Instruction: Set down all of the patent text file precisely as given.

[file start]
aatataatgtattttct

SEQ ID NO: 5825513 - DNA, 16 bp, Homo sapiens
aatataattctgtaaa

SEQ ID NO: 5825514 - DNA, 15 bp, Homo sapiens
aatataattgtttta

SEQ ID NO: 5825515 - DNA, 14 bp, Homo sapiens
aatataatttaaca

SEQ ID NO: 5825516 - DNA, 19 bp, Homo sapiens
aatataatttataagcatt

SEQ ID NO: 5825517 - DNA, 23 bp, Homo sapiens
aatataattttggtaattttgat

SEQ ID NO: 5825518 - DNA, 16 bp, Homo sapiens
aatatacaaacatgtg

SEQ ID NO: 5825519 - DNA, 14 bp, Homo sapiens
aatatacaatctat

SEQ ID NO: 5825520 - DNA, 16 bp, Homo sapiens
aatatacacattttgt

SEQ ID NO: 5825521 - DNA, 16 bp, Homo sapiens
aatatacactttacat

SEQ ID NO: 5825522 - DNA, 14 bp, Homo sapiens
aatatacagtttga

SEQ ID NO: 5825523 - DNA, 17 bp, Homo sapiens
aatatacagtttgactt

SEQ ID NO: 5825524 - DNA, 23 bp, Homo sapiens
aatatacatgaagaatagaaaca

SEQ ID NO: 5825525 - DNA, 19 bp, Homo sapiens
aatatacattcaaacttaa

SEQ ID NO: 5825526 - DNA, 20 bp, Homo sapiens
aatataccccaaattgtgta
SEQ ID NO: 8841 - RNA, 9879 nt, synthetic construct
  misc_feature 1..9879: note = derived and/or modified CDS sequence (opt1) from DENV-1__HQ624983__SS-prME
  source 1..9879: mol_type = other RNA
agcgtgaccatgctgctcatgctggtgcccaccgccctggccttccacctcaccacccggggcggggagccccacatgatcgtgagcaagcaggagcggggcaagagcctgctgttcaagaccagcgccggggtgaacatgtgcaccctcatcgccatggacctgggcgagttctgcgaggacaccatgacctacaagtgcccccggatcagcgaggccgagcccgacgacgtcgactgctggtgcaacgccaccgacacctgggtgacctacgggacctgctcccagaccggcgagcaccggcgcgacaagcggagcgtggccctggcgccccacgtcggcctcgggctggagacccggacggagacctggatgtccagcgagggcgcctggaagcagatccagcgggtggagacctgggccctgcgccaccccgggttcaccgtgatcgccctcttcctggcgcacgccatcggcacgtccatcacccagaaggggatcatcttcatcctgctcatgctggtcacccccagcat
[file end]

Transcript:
aatataatgtattttct

SEQ ID NO: 5825513 - DNA, 16 bp, Homo sapiens
aatataattctgtaaa

SEQ ID NO: 5825514 - DNA, 15 bp, Homo sapiens
aatataattgtttta

SEQ ID NO: 5825515 - DNA, 14 bp, Homo sapiens
aatataatttaaca

SEQ ID NO: 5825516 - DNA, 19 bp, Homo sapiens
aatataatttataagcatt

SEQ ID NO: 5825517 - DNA, 23 bp, Homo sapiens
aatataattttggtaattttgat

SEQ ID NO: 5825518 - DNA, 16 bp, Homo sapiens
aatatacaaacatgtg

SEQ ID NO: 5825519 - DNA, 14 bp, Homo sapiens
aatatacaatctat

SEQ ID NO: 5825520 - DNA, 16 bp, Homo sapiens
aatatacacattttgt

SEQ ID NO: 5825521 - DNA, 16 bp, Homo sapiens
aatatacactttacat

SEQ ID NO: 5825522 - DNA, 14 bp, Homo sapiens
aatatacagtttga

SEQ ID NO: 5825523 - DNA, 17 bp, Homo sapiens
aatatacagtttgactt

SEQ ID NO: 5825524 - DNA, 23 bp, Homo sapiens
aatatacatgaagaatagaaaca

SEQ ID NO: 5825525 - DNA, 19 bp, Homo sapiens
aatatacattcaaacttaa

SEQ ID NO: 5825526 - DNA, 20 bp, Homo sapiens
aatataccccaaattgtgta
SEQ ID NO: 8841 - RNA, 9879 nt, synthetic construct
  misc_feature 1..9879: note = derived and/or modified CDS sequence (opt1) from DENV-1__HQ624983__SS-prME
  source 1..9879: mol_type = other RNA
agcgtgaccatgctgctcatgctggtgcccaccgccctggccttccacctcaccacccggggcggggagccccacatgatcgtgagcaagcaggagcggggcaagagcctgctgttcaagaccagcgccggggtgaacatgtgcaccctcatcgccatggacctgggcgagttctgcgaggacaccatgacctacaagtgcccccggatcagcgaggccgagcccgacgacgtcgactgctggtgcaacgccaccgacacctgggtgacctacgggacctgctcccagaccggcgagcaccggcgcgacaagcggagcgtggccctggcgccccacgtcggcctcgggctggagacccggacggagacctggatgtccagcgagggcgcctggaagcagatccagcgggtggagacctgggccctgcgccaccccgggttcaccgtgatcgccctcttcctggcgcacgccatcggcacgtccatcacccagaaggggatcatcttcatcctgctcatgctggtcacccccagcat